Picking up from where we left off last time, here I have painted in the outline of the piglet, using the carbon lines as a guide. Finally we're getting to see what this little piggy is going to look like, and that it isn't just some weird random-shaped pink blob.
I couldn't resist putting the neck into the pocket to give a better idea of the proportions of the whole guitar.
After waiting several days for the dry rub-off decal paper I'd bought to arrive in the post, this morning I was busy printing off the more detailed parts of the pig's features.
I printed spare copies but try as I might I just couldn't get on with that decal paper. Today must have been the most frustrating part of this entire guitar build to date. I mean, I thought some of the sanding between coats of the finish was hard going, but this damned dry rub-off decal paper had me tearing my hair out.
Somehow, probably more through luck than judgement, I did manage to get three piece of transfer onto the guitar - one ear and both sets of trotters. I tried the snout and the eyes but after wasting about half a day and nearly half of my decal paper supply, I decided to abandon that approach and look for another method to realise the piggy's features.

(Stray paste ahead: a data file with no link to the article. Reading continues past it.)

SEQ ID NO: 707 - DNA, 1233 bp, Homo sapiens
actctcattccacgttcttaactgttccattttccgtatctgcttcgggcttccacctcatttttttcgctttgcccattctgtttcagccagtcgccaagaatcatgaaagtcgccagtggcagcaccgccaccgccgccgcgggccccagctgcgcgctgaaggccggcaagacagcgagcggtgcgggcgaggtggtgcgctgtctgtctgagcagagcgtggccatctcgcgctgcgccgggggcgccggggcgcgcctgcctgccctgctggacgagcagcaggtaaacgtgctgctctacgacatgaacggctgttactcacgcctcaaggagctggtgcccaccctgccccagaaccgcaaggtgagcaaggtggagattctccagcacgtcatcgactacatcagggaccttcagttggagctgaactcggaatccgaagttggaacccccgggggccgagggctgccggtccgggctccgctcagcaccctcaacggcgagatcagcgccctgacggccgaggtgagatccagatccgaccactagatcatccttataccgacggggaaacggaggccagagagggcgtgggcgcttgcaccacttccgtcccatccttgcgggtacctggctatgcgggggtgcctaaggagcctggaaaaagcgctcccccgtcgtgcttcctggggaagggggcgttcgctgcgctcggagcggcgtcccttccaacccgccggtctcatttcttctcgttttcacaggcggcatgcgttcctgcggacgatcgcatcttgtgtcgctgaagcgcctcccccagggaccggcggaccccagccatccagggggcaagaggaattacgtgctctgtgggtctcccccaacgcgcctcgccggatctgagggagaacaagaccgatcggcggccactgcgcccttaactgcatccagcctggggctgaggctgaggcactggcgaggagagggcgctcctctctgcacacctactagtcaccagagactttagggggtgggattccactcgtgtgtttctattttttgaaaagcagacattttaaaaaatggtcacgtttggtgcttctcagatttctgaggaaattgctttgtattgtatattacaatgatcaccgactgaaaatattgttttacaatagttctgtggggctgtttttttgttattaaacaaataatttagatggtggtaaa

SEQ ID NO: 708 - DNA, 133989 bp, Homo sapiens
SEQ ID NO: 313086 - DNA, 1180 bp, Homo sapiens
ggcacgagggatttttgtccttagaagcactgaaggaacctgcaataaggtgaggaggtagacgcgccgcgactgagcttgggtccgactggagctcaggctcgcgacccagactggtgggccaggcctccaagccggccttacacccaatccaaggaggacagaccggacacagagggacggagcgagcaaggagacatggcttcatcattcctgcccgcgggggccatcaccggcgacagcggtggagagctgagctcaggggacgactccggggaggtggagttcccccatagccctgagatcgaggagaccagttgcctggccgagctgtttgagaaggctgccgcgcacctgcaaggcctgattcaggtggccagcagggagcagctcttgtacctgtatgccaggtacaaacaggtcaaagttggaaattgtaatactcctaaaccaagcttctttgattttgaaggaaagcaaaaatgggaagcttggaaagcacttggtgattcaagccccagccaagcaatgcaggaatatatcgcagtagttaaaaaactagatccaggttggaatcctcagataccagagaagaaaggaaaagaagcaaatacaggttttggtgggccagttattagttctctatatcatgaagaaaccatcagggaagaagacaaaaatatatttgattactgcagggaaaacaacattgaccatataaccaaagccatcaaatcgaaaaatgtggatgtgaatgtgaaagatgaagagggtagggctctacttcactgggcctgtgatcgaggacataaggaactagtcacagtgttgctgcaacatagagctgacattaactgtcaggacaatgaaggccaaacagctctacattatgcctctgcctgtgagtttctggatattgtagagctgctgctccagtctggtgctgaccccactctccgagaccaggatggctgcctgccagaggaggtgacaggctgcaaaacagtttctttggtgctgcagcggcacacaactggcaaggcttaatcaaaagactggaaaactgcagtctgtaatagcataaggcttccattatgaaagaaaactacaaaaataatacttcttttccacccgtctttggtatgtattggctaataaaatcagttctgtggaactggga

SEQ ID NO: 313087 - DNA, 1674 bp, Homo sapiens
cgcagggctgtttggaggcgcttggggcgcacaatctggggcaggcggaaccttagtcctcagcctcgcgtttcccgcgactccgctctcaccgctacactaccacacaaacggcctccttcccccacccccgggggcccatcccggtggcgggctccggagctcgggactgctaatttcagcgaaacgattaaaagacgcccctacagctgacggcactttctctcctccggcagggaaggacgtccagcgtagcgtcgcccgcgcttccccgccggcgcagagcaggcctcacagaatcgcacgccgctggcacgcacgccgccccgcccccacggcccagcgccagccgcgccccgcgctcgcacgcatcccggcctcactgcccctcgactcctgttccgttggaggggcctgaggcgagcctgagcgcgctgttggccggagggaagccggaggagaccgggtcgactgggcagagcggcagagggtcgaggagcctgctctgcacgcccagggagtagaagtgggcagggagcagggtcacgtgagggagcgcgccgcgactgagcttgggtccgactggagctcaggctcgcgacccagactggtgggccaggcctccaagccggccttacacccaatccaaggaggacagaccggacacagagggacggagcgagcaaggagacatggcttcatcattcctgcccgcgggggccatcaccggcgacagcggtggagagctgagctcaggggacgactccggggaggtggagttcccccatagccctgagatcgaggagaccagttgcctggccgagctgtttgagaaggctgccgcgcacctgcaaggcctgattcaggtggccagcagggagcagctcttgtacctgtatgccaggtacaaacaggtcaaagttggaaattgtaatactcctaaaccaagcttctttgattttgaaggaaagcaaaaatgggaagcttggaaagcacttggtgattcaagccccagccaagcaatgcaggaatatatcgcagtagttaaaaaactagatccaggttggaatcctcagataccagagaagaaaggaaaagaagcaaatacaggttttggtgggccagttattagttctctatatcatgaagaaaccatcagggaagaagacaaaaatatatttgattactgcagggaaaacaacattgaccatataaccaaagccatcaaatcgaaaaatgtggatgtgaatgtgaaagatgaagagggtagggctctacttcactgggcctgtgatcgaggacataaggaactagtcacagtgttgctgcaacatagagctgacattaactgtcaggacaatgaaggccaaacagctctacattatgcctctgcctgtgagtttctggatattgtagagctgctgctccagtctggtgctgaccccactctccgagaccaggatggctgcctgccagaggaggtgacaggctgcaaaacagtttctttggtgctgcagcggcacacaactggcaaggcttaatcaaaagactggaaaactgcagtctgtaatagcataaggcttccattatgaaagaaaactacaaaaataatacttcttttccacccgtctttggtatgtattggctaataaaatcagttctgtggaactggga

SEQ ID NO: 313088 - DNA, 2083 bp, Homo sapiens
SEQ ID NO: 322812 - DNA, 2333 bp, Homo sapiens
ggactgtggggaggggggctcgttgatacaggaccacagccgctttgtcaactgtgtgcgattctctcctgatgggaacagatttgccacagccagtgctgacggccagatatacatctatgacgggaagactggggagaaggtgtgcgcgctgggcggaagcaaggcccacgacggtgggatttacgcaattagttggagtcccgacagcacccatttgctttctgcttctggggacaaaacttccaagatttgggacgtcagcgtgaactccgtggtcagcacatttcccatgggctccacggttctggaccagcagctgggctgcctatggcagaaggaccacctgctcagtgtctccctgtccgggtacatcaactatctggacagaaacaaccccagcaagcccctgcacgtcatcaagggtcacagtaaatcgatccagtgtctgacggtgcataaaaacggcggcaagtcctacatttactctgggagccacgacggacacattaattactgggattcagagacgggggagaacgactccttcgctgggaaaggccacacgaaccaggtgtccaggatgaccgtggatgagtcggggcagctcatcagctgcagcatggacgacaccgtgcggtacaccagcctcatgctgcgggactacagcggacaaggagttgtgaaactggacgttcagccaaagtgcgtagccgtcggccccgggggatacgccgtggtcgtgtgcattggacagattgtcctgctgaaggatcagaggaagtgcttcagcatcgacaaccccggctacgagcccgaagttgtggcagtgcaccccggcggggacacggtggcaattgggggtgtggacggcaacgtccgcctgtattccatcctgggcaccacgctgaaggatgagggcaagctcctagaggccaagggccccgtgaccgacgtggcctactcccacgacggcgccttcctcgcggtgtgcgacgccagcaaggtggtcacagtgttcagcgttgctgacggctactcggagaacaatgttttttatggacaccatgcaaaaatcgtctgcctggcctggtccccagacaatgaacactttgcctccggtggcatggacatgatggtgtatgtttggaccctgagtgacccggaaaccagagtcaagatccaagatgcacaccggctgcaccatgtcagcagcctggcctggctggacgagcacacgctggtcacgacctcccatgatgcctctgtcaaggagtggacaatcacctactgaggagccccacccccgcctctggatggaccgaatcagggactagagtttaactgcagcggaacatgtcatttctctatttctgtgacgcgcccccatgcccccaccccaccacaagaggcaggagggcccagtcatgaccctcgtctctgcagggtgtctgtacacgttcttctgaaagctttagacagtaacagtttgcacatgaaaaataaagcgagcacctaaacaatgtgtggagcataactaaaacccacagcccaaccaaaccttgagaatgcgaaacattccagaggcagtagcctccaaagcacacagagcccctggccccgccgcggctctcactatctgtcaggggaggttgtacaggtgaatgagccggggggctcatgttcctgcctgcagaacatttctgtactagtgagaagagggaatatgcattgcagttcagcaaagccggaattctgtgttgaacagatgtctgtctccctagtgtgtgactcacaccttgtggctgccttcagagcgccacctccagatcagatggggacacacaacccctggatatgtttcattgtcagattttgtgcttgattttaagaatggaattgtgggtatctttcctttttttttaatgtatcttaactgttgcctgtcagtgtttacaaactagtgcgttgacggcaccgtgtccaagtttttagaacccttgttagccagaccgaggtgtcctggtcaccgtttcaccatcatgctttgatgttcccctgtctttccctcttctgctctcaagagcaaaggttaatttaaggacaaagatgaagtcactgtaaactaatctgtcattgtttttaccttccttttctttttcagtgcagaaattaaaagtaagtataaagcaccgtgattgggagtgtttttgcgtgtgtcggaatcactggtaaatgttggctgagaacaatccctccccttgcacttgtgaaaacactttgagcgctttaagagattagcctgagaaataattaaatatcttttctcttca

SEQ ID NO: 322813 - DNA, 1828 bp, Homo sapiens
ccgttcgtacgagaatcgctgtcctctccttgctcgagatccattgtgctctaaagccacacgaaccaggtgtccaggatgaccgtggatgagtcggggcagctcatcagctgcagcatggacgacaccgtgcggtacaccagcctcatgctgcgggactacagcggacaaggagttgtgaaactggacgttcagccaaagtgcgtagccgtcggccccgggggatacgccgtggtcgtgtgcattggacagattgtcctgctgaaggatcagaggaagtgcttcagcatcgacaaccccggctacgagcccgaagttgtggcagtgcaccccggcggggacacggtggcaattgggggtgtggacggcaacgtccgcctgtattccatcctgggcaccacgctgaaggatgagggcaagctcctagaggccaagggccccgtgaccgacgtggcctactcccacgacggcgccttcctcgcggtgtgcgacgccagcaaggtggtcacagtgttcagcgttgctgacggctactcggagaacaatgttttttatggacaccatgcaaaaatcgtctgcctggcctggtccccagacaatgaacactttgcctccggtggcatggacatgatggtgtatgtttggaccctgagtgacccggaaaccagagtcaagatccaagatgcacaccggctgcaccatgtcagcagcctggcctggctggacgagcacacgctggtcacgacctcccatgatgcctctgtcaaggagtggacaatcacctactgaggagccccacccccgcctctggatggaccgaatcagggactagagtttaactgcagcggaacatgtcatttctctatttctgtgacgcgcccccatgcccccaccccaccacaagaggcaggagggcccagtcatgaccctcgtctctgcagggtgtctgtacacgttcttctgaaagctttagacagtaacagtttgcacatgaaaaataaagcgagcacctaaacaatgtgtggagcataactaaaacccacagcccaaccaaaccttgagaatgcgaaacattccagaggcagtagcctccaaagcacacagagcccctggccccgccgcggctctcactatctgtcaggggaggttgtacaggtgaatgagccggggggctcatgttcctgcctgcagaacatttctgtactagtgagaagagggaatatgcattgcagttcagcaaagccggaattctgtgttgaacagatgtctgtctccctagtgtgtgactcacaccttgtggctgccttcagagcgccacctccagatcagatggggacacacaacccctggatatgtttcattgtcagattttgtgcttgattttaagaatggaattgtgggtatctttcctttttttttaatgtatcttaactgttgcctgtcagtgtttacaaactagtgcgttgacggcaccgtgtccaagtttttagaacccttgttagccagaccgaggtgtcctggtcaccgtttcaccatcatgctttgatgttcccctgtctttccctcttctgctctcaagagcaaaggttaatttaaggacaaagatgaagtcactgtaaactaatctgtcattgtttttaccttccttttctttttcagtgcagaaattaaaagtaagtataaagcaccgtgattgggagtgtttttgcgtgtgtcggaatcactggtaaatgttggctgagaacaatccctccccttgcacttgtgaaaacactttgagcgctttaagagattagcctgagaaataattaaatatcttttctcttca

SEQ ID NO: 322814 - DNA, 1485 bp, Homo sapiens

Luckily I remembered that I still had some sheets of water-slide transfer paper. I had previously used some of this on a cigar box guitar build and recalled it being relatively easy to use. So I set the printer back to work, printing out the piglet's features all over again. It was just as well I'd bought and installed new printer cartridges, considering the amount of toner I was getting through.
Water-slide transfer paper requires being sprayed with a couple of coats of varnish before it can be applied, so while I was waiting for that to dry I set to work painting the various areas of shading around the outside of the pig's body so as to create a three-dimensional effect. Note the areas to the back of the legs, the belly, the jaw, the edges of the ears, etc.
Finally I got to apply those water-slide transfers and they went on very nicely indeed. It took me a few minutes arranging the pig's eyebrows so as to give him (her?) the correct friendly expression but I think I got it about right. It had started getting dark by the time this photo was taken, so it is a little pixellated, but I think you get the idea.
It's really taking shape now. Next job will be to start the clear-coating.
G L Wilson
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